Many festivals use such partnerships to increase outreach. Reel Asian is frequently contacted by festivals such as Inside Out or Images when it screens Asian films. “We’ll become a community partner, and help promote the film to our networks, with recognition in their books and on their website,” says Louanne Chan, executive director of Reel Asian. That sometimes involves going a bit further – say, not necessarily asking a Korean community member just because the film happens to be Korean. “It could be a cinephile group or a cinema-studies group at the University of Toronto,” adds Chan, “and that’s the way we try to explore expanding our audiences.”

For the Armenian-themed Pomegranate Film Festival, now in its 11th year, the power of celebrity can also help. “[Toronto filmmaker] Atom Egoyan and his wife [actress] Arsinée Khanjian are big supporters,” says Araz Hasserjian, of Pomegranate. In addition to Egoyan’s Remember, Pomegranate will screen the journalism drama Spotlight to highlight the contributions two Armenian-Americans (lawyer Mitchell Garabedian and reporter Stephen Kurkjian) made to the real-life case.

Representing a culture’s wider diversity of cinema is paramount for many of these festivals, which often includes the work of diaspora filmmakers. “Being a Canadian festival, we try to stress the importance of showing Asian-Canadian work,” says Reel Asian’s Chan. “Asian films at TIFF are more of the large, million-dollar-budget commercial fare. Not that we never show fare like that, but we support independent cinema. That’s what sets us apart.”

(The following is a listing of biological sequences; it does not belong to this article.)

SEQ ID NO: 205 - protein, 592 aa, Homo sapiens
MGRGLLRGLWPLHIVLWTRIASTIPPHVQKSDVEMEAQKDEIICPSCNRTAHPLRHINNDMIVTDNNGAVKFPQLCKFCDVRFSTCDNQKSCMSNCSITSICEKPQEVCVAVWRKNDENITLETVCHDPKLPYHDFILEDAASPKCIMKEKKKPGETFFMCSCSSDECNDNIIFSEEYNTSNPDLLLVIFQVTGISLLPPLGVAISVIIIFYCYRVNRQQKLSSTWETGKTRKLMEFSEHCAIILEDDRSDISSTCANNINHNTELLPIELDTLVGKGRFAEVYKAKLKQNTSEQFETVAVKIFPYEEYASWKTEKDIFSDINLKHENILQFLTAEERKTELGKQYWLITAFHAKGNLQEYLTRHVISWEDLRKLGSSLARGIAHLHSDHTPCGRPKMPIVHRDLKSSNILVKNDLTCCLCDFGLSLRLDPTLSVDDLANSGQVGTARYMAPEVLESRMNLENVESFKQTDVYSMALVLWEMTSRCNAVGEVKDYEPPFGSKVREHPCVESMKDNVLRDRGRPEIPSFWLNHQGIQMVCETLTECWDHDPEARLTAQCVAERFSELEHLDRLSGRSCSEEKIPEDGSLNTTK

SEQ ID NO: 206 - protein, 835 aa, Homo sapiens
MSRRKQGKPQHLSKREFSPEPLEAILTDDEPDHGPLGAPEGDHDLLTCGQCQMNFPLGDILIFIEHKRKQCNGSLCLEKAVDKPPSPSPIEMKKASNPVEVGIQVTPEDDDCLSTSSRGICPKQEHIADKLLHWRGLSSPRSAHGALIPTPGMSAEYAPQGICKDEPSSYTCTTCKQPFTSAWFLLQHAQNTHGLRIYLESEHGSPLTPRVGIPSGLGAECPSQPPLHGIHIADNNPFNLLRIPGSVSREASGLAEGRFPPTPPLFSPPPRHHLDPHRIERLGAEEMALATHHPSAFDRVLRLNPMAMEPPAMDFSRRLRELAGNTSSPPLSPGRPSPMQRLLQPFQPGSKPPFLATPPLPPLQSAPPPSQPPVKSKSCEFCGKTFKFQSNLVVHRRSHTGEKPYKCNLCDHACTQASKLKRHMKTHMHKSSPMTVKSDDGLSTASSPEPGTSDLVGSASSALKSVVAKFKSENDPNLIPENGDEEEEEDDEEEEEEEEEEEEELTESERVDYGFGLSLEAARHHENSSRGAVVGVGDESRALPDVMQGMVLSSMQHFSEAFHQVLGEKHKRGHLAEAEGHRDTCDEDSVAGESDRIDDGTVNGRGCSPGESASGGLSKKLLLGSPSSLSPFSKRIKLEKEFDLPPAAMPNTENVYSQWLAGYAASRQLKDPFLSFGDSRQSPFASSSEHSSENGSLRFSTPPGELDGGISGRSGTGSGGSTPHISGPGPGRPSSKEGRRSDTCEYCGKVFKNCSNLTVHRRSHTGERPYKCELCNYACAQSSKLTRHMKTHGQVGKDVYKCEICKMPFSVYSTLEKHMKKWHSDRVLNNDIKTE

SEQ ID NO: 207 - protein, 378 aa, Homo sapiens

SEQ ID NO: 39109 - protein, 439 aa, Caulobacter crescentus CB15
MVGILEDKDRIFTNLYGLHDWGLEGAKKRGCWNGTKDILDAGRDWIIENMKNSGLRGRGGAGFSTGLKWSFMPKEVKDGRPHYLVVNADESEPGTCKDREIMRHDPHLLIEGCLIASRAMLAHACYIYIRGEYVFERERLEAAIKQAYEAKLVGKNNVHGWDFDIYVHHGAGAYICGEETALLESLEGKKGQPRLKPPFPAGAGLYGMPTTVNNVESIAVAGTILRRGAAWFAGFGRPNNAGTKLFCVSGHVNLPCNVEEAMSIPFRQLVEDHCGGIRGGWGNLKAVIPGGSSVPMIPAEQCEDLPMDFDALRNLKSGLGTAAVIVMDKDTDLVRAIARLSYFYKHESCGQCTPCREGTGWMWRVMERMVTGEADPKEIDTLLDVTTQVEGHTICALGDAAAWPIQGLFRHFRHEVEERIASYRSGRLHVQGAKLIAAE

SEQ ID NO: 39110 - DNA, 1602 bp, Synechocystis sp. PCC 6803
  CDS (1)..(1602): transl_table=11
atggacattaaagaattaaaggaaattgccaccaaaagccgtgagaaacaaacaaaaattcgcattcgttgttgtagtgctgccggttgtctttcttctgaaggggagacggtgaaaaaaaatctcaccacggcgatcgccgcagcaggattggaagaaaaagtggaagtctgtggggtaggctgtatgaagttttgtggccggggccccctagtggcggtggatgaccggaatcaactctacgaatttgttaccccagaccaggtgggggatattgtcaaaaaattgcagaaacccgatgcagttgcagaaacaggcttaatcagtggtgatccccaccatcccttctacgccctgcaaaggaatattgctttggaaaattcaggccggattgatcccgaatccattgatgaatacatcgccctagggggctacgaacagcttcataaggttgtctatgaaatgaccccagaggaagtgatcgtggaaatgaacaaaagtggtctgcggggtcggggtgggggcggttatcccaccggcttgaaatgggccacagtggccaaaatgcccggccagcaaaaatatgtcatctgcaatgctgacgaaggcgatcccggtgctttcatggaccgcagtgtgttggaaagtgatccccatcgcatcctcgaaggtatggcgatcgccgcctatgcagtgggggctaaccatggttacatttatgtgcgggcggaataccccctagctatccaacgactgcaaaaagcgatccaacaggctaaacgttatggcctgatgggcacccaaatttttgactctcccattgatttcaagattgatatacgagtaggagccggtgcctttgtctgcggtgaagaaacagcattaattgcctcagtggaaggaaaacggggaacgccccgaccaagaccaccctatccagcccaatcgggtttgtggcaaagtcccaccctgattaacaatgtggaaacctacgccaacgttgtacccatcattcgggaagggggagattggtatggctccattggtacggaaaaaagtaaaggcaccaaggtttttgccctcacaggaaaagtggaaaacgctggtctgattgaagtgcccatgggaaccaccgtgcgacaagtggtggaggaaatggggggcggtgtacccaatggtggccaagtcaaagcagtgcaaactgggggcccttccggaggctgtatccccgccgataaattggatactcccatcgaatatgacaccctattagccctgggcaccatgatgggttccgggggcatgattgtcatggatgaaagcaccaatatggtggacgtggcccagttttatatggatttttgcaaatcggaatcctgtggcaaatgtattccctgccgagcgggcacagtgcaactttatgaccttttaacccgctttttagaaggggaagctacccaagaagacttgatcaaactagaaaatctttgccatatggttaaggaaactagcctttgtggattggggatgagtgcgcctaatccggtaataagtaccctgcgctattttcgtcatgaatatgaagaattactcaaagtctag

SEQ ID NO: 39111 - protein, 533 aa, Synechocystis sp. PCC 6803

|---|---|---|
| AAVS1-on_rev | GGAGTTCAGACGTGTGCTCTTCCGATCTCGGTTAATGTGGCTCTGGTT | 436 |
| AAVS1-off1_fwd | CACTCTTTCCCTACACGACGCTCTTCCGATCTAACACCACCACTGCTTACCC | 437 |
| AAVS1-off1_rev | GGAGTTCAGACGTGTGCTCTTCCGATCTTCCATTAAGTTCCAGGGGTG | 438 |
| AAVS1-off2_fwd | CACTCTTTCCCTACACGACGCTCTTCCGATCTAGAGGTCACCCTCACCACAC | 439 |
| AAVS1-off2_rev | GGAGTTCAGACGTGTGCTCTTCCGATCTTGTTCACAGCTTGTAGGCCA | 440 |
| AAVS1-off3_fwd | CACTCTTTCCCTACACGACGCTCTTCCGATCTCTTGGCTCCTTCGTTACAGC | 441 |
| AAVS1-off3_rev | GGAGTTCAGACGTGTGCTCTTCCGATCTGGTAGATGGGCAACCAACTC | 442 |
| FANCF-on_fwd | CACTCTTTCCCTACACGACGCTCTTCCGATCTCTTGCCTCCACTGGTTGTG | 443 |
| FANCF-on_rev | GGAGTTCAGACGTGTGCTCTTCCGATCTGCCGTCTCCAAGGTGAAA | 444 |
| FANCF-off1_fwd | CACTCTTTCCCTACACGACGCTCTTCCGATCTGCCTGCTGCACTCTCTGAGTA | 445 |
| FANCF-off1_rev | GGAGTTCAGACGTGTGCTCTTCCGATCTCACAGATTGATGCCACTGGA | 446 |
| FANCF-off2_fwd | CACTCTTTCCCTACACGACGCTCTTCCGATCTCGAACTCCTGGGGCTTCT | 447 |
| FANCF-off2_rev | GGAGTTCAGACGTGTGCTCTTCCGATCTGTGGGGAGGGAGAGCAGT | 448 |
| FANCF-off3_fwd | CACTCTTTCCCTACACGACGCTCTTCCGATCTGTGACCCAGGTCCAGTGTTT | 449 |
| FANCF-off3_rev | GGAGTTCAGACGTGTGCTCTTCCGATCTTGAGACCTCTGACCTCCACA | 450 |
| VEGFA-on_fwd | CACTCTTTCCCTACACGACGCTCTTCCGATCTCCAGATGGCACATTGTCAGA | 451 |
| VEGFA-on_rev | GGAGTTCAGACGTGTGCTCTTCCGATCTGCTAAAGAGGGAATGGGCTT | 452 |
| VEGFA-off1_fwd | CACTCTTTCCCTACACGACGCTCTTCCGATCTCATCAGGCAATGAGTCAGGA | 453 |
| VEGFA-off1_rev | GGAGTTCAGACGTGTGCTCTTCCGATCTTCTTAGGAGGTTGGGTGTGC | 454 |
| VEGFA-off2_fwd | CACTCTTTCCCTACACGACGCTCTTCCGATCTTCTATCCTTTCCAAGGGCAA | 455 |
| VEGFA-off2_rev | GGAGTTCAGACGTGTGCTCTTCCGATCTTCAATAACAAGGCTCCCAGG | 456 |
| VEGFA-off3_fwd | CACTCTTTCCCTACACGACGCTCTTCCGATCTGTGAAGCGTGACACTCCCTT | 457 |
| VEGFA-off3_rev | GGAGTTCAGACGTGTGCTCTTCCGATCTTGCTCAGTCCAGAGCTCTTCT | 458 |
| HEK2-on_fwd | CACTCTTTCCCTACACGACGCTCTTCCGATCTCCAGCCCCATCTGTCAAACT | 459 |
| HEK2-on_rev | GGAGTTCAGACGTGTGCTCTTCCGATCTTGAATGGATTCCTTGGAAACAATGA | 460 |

Soltani adds that variety is integral to demonstrate the breadth of a national cinema. “We don’t want a festival that’s all heavy-hitting dramas,” he says. One of his recommendations for this year’s CineIran is Rabidity, “a neo-noir film set in underground casinos.”

Soltani admits there is a steep learning curve to programming. Last year, his team tried to push more ticket sales by cutting prices in half, but received complaints from patrons who’d bought tickets at full price. “Anything you start, your first experiences are difficult but then you get into the groove and learn what to do,” Soltani says. “But generally speaking, the reception of the community has been enthusiastic.”

How much of this year’s support will come from non-Iranians is to be seen, but Soltani isn’t so much worried about that as he is about continuing to expand the festival via community connections and sponsorships. CineIran is a volunteer-driven event – a common occurrence for smaller film fests, but a nonetheless alarming one.

“Truly, blood, sweat, effort, energy and money is poured into this festival,” says Soltani. “So when you’re putting all of that into a venture, after 72 hours you’re drained of energy, and then someone runs into you on the street and says, ‘Great work’ – that’s heartwarming. You know it wasn’t all in vain.”

Originally published in The Globe and Mail (October 16, 2016).